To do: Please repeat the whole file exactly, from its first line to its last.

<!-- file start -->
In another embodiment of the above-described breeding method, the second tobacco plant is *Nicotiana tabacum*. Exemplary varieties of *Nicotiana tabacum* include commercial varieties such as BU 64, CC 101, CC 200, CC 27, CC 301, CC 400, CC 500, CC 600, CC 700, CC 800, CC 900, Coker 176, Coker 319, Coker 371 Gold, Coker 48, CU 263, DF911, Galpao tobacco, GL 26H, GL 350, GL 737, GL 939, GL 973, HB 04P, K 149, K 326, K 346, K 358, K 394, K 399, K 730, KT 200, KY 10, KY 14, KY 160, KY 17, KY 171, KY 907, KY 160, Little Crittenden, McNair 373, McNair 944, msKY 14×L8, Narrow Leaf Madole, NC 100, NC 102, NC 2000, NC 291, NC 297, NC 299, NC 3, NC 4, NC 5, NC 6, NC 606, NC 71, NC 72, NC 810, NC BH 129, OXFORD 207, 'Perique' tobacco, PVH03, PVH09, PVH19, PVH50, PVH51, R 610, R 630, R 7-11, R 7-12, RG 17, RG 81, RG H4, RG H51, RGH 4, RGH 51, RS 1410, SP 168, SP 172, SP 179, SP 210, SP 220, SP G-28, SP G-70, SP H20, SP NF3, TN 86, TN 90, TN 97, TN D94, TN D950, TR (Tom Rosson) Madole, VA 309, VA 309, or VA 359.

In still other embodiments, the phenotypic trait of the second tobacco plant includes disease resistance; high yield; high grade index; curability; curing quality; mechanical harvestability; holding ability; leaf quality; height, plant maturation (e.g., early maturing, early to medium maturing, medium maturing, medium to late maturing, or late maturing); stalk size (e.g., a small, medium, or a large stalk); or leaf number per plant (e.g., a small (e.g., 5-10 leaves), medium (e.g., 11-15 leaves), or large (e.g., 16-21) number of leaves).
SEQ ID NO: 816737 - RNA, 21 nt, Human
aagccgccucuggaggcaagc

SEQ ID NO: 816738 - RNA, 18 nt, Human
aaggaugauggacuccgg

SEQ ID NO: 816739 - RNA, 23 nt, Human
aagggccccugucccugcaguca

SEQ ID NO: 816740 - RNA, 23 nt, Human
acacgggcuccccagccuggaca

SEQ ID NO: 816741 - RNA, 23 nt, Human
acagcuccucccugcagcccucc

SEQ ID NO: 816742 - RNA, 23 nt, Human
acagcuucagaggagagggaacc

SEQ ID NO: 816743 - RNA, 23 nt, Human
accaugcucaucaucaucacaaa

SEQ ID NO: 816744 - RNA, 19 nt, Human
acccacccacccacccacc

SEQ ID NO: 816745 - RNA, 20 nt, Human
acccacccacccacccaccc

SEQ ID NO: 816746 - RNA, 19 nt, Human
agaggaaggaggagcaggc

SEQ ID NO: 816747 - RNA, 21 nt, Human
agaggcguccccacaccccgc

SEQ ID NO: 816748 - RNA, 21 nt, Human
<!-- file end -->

In another embodiment of the above-described breeding method, the second tobacco plant is *Nicotiana tabacum*. Exemplary varieties of *Nicotiana tabacum* include commercial varieties such as BU 64, CC 101, CC 200, CC 27, CC 301, CC 400, CC 500, CC 600, CC 700, CC 800, CC 900, Coker 176, Coker 319, Coker 371 Gold, Coker 48, CU 263, DF911, Galpao tobacco, GL 26H, GL 350, GL 737, GL 939, GL 973, HB 04P, K 149, K 326, K 346, K 358, K 394, K 399, K 730, KT 200, KY 10, KY 14, KY 160, KY 17, KY 171, KY 907, KY 160, Little Crittenden, McNair 373, McNair 944, msKY 14×L8, Narrow Leaf Madole, NC 100, NC 102, NC 2000, NC 291, NC 297, NC 299, NC 3, NC 4, NC 5, NC 6, NC 606, NC 71, NC 72, NC 810, NC BH 129, OXFORD 207, 'Perique' tobacco, PVH03, PVH09, PVH19, PVH50, PVH51, R 610, R 630, R 7-11, R 7-12, RG 17, RG 81, RG H4, RG H51, RGH 4, RGH 51, RS 1410, SP 168, SP 172, SP 179, SP 210, SP 220, SP G-28, SP G-70, SP H20, SP NF3, TN 86, TN 90, TN 97, TN D94, TN D950, TR (Tom Rosson) Madole, VA 309, VA 309, or VA 359.

In still other embodiments, the phenotypic trait of the second tobacco plant includes disease resistance; high yield; high grade index; curability; curing quality; mechanical harvestability; holding ability; leaf quality; height, plant maturation (e.g., early maturing, early to medium maturing, medium maturing, medium to late maturing, or late maturing); stalk size (e.g., a small, medium, or a large stalk); or leaf number per plant (e.g., a small (e.g., 5-10 leaves), medium (e.g., 11-15 leaves), or large (e.g., 16-21) number of leaves).
SEQ ID NO: 816737 - RNA, 21 nt, Human
aagccgccucuggaggcaagc

SEQ ID NO: 816738 - RNA, 18 nt, Human
aaggaugauggacuccgg

SEQ ID NO: 816739 - RNA, 23 nt, Human
aagggccccugucccugcaguca

SEQ ID NO: 816740 - RNA, 23 nt, Human
acacgggcuccccagccuggaca

SEQ ID NO: 816741 - RNA, 23 nt, Human
acagcuccucccugcagcccucc

SEQ ID NO: 816742 - RNA, 23 nt, Human
acagcuucagaggagagggaacc

SEQ ID NO: 816743 - RNA, 23 nt, Human
accaugcucaucaucaucacaaa

SEQ ID NO: 816744 - RNA, 19 nt, Human
acccacccacccacccacc

SEQ ID NO: 816745 - RNA, 20 nt, Human
acccacccacccacccaccc

SEQ ID NO: 816746 - RNA, 19 nt, Human
agaggaaggaggagcaggc

SEQ ID NO: 816747 - RNA, 21 nt, Human
agaggcguccccacaccccgc

SEQ ID NO: 816748 - RNA, 21 nt, Human